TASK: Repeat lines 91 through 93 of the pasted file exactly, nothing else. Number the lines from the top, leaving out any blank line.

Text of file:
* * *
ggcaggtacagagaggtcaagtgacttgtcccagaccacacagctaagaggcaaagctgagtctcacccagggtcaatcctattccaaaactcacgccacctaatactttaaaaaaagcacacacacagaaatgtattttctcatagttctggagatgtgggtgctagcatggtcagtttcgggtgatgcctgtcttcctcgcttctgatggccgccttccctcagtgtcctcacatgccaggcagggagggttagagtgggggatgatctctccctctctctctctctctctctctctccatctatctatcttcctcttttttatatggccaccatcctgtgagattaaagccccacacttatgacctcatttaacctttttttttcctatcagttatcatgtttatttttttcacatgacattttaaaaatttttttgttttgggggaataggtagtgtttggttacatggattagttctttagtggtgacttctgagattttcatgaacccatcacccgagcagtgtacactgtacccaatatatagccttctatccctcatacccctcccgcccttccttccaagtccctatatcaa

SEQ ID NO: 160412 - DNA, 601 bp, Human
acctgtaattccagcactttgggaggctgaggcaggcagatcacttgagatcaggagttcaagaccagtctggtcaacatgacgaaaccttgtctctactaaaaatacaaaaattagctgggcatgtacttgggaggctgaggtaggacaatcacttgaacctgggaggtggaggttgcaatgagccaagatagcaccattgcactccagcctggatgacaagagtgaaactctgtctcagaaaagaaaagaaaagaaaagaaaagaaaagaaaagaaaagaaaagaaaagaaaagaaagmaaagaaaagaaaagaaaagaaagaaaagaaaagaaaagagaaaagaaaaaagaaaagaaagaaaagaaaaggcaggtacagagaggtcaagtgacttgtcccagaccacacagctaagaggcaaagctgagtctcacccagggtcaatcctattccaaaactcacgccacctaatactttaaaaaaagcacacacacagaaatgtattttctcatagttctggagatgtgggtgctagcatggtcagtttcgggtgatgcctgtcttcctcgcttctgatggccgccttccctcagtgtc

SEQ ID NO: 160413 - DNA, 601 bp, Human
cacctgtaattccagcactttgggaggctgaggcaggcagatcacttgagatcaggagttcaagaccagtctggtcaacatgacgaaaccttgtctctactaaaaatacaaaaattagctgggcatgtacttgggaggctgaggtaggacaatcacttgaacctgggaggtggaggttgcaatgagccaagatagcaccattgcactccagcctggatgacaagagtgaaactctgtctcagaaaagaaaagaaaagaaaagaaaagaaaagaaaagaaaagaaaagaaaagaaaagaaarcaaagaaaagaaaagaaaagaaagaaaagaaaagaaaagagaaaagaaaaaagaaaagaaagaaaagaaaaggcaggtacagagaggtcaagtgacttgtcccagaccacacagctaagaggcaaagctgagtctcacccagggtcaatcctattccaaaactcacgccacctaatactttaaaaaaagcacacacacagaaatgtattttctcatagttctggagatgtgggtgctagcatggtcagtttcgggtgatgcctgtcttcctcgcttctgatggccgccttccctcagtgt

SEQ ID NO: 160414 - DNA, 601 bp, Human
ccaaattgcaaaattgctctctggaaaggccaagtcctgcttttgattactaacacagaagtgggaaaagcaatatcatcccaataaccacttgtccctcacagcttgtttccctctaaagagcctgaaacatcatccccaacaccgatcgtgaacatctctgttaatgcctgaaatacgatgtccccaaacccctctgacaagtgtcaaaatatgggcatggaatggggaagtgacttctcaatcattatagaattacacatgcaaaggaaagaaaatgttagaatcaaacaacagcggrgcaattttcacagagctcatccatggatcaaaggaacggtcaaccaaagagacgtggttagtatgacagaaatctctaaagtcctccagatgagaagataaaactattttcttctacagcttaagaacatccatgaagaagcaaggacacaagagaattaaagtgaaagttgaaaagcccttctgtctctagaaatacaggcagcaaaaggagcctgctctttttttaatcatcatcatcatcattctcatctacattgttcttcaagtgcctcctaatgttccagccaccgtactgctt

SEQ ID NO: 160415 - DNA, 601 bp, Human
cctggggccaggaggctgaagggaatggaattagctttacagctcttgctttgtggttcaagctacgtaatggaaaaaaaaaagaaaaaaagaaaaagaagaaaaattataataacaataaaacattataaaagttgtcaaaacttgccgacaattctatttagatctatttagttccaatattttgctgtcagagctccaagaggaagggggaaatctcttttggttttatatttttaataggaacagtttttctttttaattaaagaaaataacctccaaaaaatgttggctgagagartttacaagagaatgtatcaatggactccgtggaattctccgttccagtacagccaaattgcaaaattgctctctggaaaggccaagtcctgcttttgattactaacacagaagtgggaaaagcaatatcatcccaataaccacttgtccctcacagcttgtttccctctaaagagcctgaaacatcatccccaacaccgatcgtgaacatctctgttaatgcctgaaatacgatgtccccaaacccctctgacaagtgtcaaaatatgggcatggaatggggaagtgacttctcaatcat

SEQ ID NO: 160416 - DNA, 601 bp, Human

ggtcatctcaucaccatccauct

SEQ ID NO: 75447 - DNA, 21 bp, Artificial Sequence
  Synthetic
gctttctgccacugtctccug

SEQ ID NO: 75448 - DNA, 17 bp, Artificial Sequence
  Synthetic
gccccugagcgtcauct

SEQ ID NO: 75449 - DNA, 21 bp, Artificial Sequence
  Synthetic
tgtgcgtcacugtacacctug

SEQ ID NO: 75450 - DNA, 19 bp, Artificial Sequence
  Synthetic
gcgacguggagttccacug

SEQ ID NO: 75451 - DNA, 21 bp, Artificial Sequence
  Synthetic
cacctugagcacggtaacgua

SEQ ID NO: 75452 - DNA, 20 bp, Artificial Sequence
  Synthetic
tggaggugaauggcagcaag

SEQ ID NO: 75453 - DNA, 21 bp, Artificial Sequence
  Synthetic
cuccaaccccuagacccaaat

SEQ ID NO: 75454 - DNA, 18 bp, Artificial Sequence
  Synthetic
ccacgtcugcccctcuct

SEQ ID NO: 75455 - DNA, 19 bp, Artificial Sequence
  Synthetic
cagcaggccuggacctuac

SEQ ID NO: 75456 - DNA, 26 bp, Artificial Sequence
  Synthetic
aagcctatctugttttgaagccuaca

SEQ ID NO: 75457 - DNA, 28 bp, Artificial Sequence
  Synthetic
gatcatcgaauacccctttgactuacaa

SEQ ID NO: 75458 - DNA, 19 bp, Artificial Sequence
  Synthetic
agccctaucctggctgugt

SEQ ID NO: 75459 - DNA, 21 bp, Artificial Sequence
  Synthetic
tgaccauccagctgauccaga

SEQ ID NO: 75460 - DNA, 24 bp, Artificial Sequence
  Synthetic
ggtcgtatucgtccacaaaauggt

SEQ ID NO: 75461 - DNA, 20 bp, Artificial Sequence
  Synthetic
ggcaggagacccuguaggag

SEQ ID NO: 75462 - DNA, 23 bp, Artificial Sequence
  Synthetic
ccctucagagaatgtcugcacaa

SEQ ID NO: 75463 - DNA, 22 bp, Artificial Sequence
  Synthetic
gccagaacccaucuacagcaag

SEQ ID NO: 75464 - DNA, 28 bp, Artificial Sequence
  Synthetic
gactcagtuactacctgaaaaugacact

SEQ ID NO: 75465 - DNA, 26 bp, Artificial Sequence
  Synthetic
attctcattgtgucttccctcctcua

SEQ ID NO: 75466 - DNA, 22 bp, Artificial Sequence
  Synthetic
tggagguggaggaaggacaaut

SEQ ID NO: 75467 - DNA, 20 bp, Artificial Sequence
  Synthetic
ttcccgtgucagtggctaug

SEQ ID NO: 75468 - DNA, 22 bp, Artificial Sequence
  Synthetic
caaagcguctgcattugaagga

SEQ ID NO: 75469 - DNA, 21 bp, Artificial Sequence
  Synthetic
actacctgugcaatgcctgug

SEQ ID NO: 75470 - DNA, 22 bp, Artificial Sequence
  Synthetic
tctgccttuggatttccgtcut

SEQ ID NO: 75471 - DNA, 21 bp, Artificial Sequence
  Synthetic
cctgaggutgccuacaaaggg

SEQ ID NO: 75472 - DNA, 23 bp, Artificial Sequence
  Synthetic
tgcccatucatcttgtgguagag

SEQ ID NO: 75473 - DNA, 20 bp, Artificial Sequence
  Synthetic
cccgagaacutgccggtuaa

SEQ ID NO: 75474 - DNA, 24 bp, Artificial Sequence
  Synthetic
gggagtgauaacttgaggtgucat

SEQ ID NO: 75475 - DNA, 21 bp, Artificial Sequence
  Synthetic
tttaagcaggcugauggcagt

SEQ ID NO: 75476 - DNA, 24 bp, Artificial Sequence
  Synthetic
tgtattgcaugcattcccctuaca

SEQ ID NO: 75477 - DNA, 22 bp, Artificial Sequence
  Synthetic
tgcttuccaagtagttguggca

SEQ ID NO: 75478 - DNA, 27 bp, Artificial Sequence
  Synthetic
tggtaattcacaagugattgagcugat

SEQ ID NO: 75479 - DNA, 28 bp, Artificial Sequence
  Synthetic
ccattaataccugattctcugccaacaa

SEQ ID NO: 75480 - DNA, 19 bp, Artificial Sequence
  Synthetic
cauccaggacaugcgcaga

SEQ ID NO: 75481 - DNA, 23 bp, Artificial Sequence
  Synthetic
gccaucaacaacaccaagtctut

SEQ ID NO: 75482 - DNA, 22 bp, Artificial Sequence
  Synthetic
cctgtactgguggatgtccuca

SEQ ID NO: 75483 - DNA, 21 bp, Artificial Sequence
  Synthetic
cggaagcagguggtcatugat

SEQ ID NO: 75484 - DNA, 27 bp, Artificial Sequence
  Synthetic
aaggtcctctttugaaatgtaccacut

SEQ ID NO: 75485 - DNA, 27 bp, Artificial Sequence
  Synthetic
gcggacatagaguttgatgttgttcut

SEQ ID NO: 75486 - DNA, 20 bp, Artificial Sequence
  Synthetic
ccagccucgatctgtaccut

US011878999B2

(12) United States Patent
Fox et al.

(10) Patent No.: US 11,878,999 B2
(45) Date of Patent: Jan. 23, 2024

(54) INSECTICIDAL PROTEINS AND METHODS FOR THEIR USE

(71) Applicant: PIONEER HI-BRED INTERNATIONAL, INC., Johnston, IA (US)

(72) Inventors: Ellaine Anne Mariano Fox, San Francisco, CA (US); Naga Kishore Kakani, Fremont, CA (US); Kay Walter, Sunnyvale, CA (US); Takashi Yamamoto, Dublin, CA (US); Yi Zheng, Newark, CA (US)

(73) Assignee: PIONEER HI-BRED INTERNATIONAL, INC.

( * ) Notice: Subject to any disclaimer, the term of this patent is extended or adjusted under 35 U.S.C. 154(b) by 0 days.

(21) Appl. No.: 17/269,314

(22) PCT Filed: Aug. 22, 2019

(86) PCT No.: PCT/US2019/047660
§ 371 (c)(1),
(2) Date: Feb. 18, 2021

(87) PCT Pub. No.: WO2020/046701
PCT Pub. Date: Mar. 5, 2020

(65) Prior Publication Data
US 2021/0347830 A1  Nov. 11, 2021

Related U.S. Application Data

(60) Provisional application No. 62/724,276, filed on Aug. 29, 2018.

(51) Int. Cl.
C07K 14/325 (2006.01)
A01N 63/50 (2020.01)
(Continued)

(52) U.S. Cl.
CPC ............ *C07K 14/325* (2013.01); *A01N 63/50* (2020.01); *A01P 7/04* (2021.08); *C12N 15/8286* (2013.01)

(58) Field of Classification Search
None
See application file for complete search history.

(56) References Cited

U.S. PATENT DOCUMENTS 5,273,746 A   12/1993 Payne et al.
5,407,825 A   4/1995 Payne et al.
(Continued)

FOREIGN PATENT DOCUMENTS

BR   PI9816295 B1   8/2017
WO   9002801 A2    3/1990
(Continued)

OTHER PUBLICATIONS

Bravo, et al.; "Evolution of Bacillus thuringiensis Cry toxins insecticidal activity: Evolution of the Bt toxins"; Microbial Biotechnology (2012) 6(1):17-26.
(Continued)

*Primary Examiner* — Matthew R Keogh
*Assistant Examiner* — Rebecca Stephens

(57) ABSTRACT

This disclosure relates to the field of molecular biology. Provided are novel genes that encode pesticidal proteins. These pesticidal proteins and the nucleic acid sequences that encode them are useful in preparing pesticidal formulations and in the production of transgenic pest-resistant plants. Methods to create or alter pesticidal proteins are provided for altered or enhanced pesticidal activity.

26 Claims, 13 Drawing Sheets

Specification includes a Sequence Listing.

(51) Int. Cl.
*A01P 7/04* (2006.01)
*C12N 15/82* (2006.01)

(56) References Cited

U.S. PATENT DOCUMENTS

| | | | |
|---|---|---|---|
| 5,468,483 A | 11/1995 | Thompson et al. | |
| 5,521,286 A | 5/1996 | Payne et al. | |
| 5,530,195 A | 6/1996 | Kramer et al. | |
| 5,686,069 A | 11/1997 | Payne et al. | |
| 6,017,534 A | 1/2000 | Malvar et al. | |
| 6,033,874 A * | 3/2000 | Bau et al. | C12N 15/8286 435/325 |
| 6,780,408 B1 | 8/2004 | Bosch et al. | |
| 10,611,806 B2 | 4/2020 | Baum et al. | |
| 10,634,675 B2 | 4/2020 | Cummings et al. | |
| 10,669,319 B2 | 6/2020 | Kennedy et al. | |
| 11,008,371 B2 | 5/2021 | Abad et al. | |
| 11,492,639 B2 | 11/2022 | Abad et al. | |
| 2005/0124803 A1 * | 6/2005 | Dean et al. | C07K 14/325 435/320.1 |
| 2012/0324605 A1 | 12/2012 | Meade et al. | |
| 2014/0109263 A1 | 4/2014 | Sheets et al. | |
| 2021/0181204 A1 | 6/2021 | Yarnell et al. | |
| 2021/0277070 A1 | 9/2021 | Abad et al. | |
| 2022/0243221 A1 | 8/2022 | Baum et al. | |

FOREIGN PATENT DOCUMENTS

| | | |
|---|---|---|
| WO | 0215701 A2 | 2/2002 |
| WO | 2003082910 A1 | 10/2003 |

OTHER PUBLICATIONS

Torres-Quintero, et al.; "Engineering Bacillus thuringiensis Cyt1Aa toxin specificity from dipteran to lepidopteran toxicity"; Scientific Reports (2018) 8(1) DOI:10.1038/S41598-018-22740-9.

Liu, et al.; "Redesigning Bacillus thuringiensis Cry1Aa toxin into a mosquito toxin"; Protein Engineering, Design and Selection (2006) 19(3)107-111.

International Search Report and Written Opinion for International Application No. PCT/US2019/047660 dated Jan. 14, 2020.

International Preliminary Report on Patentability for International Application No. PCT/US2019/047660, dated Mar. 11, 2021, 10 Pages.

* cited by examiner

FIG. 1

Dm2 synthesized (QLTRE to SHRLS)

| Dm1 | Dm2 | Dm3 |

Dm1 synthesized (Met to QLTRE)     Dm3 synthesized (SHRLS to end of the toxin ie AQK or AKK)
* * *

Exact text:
  Synthetic
cccgagaacutgccggtuaa

SEQ ID NO: 75474 - DNA, 24 bp, Artificial Sequence